Larval shell morphology

Shells of late pre-hatching intracapsular veligers were thin, brittle, and often had holes indicating poor shell miner alization (Fig. 3f). Shells of emergent veligers were similar to those of pre-hatchlings but were slightly more mineralized and not as brittle. Between day 13 and 15 as a veliger, larval shells were fully mineralized and growth lines were evident (Fig. 6a, b, c). Late stage veligers at or near 20 d as excap sulated swimming veligers had a larval shell apertural beak and the beginnings of a siphonal canal (proto-siphonal canal) (Fig. 5c, 6c). In shells of veligers of different ages, bead-like micro-protuberances were evident up to the apertural margin (Fig. 6d, e, f). The maximum diameter of K. kelletii larval shells was 0.407 mm (n = 10) in apical view. How ever, overall size varied within capsules and cohorts were not always at the same stage of shell development and calcifi cation, especially as pre-hatchlings and early-stage emerged veligers.

Figure 6 Kelletia kelletii larval shells. (a-c) SEM micrographs of larval shells of veliger larvae 2 weeks after hatching, (d) line drawing of late-stage veliger shells with labeled features, (e) SEM micrograph of protoconch 1 boundary, and (f) SEM micrograph of larval shell micro-protuberances. Abbreviations: b, apertural beak; u, umbilicus; s, proto-siphonal canal; gl, shell boundary indicating shell size at hatching; mp, bead-like micro-protuberances; p: boundary/break in growth of protoconch 1. 


Many observations of K. kelletii reported here are consis tent with those documented elsewhere (e.g., by MacGinitie and MacGinitie 1949, Rosenthal 1970, Morris et al. 1980, Zacherl et al. 2003, Zacherl 2005, Romero et al. 2012, Rodriguez 2017, Wilson 2017). For example, larvae are non-feeding within their egg capsules, excapsulated larvae swim and feed in the plankton as veligers, and excapsulated larvae are phototaxic. Notably, several observations of larval mor phology and development are reported here for the first time: all examined egg capsules included developmentally arrested or non-fertilized eggs; after emergence from their capsule, veligers fed on micro-particles only after their endogenous yolk stores were depleted; early larval shells were not fully mineralized; and excapsulated veligers had asymmetrical cephalic tentacles and velar lobes.

The substantial range in excapsulation timing in this study, from 39 to 55 d at 13-16 ºC compared to 30-34 d at 14.5-17.5 ºC in other studies (Rosenthal 1970, Zacherl et al. 2003), could be due to the cooler water temperatures main tained in this study as well as the minimal water disturbance in parts of the aquarium, which seemed to allow plugging of the capsule escape aperture with masses of undeveloped eggs. In areas of the aquarium that were better aerated and had greater water disturbance, veliger excapsulation was assisted by the water’s agitation of the capsules. In still sea water, e.g., in a glass beaker, it was not uncommon for veli gers to hatch after 45 d or more and for many intracapsular veligers to die inside of the capsule.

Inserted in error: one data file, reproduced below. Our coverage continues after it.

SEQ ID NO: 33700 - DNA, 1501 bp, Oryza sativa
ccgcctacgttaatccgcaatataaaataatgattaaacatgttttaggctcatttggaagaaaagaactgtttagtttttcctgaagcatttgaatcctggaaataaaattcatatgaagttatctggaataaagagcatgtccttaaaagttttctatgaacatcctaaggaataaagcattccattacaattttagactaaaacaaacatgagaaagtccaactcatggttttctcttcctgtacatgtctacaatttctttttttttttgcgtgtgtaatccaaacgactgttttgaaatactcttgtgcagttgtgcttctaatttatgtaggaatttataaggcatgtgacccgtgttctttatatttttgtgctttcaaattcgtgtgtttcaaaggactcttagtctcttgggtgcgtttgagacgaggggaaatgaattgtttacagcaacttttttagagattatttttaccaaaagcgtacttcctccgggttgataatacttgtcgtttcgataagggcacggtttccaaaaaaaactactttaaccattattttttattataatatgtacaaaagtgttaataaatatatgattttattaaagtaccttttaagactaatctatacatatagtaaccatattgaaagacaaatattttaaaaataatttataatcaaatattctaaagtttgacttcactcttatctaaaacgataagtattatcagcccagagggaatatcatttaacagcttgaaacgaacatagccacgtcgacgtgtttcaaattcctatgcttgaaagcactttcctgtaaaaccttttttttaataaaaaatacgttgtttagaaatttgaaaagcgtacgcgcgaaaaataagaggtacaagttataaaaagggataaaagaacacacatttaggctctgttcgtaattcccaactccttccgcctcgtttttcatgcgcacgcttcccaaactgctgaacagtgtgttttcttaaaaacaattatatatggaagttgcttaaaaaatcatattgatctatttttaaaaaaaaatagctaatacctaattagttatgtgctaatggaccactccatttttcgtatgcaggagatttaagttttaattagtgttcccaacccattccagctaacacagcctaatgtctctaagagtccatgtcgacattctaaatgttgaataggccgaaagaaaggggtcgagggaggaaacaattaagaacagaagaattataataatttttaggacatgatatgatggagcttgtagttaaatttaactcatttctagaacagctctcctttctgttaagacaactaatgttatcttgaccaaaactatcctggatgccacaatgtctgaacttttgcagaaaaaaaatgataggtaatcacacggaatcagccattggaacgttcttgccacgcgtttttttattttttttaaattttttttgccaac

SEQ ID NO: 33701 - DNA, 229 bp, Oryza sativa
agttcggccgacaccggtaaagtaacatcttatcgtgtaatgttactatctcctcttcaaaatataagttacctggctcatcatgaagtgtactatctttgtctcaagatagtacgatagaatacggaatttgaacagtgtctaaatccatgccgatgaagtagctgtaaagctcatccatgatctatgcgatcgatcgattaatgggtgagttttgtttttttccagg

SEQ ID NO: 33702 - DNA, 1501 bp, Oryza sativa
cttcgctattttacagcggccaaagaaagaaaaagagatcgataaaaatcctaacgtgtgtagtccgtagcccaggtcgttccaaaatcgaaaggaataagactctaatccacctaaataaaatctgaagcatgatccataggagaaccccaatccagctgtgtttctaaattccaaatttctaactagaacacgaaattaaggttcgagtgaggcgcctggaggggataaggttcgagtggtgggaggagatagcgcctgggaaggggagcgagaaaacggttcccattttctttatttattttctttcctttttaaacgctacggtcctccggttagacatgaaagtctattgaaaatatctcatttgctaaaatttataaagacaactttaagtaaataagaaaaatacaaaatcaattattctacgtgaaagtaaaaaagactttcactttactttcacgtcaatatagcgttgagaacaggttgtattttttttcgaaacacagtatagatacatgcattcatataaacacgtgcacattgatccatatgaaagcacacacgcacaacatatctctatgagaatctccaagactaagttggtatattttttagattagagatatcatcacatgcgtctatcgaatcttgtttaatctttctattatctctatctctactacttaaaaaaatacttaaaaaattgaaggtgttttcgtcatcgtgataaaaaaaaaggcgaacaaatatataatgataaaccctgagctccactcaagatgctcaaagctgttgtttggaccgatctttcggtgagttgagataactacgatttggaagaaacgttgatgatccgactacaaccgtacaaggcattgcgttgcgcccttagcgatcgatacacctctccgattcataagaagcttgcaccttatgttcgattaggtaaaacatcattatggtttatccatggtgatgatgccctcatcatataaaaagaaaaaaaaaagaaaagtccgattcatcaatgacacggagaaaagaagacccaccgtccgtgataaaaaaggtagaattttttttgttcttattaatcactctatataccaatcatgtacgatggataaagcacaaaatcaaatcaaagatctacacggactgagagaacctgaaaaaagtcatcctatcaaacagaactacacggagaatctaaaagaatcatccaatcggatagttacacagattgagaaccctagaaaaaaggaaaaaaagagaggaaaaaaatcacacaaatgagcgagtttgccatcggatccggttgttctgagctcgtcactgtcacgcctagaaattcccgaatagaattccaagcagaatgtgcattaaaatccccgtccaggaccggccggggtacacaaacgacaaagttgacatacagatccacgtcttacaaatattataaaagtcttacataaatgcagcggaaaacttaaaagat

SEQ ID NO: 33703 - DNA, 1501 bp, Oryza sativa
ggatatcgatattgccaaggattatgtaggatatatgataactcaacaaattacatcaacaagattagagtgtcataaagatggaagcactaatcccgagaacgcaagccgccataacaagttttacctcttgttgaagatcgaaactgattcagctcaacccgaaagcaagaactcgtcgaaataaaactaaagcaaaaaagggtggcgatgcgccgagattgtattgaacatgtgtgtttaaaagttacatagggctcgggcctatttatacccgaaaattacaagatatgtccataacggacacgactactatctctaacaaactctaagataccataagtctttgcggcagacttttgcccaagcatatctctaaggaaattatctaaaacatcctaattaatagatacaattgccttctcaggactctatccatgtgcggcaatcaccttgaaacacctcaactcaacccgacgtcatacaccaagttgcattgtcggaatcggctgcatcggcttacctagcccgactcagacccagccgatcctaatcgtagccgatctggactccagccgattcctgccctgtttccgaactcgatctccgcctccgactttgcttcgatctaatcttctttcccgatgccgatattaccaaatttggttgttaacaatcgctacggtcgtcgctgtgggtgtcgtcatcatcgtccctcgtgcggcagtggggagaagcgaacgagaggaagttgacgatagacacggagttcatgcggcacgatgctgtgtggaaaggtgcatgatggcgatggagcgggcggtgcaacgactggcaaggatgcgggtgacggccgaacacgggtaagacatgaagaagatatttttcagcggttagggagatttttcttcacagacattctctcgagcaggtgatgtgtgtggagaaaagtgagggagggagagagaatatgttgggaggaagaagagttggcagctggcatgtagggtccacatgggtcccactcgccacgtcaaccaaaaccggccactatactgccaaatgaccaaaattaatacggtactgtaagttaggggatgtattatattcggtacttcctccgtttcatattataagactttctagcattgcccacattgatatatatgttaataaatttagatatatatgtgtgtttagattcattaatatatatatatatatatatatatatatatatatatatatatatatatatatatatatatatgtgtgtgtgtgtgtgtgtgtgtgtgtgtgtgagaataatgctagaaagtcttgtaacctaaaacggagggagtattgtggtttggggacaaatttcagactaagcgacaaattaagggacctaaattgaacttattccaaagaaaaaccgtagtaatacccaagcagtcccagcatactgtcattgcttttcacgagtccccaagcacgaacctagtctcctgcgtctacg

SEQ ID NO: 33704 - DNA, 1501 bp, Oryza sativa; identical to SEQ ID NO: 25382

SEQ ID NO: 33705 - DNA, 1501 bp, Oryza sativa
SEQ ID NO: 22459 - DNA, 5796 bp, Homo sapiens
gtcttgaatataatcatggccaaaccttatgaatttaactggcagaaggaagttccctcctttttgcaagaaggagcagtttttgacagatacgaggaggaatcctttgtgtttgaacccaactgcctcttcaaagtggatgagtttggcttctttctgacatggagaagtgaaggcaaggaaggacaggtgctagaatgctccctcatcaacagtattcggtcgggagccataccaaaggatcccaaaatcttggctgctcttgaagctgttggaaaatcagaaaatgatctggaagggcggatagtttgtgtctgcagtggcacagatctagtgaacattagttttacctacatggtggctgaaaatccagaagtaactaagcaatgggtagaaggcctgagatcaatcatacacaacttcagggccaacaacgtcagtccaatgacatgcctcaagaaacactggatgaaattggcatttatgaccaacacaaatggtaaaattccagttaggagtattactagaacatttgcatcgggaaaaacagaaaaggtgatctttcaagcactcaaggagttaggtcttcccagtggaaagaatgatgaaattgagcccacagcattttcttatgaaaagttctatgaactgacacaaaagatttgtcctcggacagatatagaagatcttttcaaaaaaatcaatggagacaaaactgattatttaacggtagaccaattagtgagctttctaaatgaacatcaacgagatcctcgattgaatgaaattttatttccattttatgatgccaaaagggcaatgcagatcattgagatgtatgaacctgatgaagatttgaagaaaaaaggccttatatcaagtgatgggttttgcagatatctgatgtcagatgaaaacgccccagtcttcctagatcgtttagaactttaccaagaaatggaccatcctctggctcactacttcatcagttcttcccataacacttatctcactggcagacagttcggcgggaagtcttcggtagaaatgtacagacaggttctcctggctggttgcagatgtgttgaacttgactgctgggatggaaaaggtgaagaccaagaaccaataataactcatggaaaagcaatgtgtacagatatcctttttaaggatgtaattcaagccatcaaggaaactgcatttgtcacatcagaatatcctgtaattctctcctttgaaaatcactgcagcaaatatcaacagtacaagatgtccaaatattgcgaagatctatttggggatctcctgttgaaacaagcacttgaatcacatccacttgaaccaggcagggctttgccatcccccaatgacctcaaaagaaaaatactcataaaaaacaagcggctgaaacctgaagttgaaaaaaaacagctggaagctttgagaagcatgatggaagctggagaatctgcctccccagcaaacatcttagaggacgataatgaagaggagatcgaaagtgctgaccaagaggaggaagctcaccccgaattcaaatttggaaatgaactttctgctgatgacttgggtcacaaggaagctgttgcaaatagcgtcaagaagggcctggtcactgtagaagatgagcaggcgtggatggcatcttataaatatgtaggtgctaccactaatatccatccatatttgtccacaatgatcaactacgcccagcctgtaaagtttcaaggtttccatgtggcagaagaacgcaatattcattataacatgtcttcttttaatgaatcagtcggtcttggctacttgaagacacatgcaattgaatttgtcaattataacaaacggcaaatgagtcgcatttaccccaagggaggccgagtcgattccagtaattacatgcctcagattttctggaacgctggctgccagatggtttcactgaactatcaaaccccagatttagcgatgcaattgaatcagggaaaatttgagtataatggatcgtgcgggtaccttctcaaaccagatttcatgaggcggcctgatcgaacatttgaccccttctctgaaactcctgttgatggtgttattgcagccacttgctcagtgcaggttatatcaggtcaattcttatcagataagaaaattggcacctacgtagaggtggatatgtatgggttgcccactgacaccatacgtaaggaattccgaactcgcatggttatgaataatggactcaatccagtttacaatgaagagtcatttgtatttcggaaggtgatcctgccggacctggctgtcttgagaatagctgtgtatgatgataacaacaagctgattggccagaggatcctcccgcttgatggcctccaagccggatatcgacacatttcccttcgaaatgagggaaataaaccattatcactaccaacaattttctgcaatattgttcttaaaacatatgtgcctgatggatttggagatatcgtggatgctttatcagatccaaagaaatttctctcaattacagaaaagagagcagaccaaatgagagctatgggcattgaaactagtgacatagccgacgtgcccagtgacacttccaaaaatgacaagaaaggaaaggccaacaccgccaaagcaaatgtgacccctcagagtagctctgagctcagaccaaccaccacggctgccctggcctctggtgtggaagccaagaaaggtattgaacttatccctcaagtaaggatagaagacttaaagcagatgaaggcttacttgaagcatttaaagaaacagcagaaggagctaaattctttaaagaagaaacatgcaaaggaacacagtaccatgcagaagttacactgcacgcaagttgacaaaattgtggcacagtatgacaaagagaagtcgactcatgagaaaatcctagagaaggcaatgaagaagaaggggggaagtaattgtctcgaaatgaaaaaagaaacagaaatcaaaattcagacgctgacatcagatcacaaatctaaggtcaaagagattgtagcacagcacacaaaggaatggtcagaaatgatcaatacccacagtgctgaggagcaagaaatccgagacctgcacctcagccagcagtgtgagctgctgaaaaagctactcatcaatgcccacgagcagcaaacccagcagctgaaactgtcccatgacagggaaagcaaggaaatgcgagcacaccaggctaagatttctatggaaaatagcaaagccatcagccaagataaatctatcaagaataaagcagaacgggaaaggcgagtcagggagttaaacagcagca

The asymmetrical development of velar lobes in late-stage K. kelletii veligers may counterbalance asymmetrical shell development, which, at that time, includes a proto-siphonal canal. This shell extension is opposite the larger right velar lobe, and when this feature is absent (as in younger veli gers), the velar lobes are equal in size. Unequal velar lobes in swimming veligers with asymmetrical shell develop ment has also been observed in other gastropods, including Echinolittorina hawaiiensis (Rosewater & Kadolsky, 1981) [formerly Littorina picta] (Struhsaker and Costlow 1968). In veligers, right cephalic tentacles that are larger than the left during some stage of larval development have also been observed in other marine snails (e.g., Thais chocolate (Duclos, 1832) (Romero et al. 2004) and Amphissa versicolor Dall, 1871 (Page and Parries 2000).

Dense taxon sampling is necessary within the Buccinidae, and other gastropod groups, for phylogenetic analyses that can elucidate the evolution and distribution of larval devel opmental mode (Collin and Moran 2018). Of course, such studies are only as good as the larval data examined with the phylogeny. Therefore, detailed data for this species, and others, of larval developmental timing, morphology, nutri tive eggs, and intracapsular and extracapsular feeding mode are essential to inferring homology, understanding ancestral versus derived character states (Collin and Moran 2018), and making novel insights about evolutionary patterns in larval evolution.


Funding from the UC Berkeley Department of Integrative Biology and Sigma Xi made this study possible. The author is grateful to Ray Thompson (Memorial University, Canada) and Oscar Chaparro (Universidad Austral de Chile, Chile) for referring me to the DayGlo Company of Ohio who pro duced the micro-particles used in larval feeding experiments. For larval relaxation techniques, the advice and protocols of Louise Page (University of Victoria, Canada) were invalu able, as were conversations with Janice Voltzow (Univer sity of Scranton, PA) and Carole Hickman (UC Berkeley). Thanks as well to Kent McDonald, Guangwei Min, and Reena Zalpuri at The Robert D. Ogg Electron Microscope Laboratory at UC Berkeley for assistance with larval spec imen manipulation, critical point drying, and SEM imaging. Tim Herrlinger (UC Berkeley) and Shane Anderson (UC Santa Barbara) collected all specimens, for which I am sin cerely grateful. The careful edits and suggestions of 2 anon ymous reviewers greatly improved this paper.


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Received: February 01, 2020; Accepted: August 01, 2020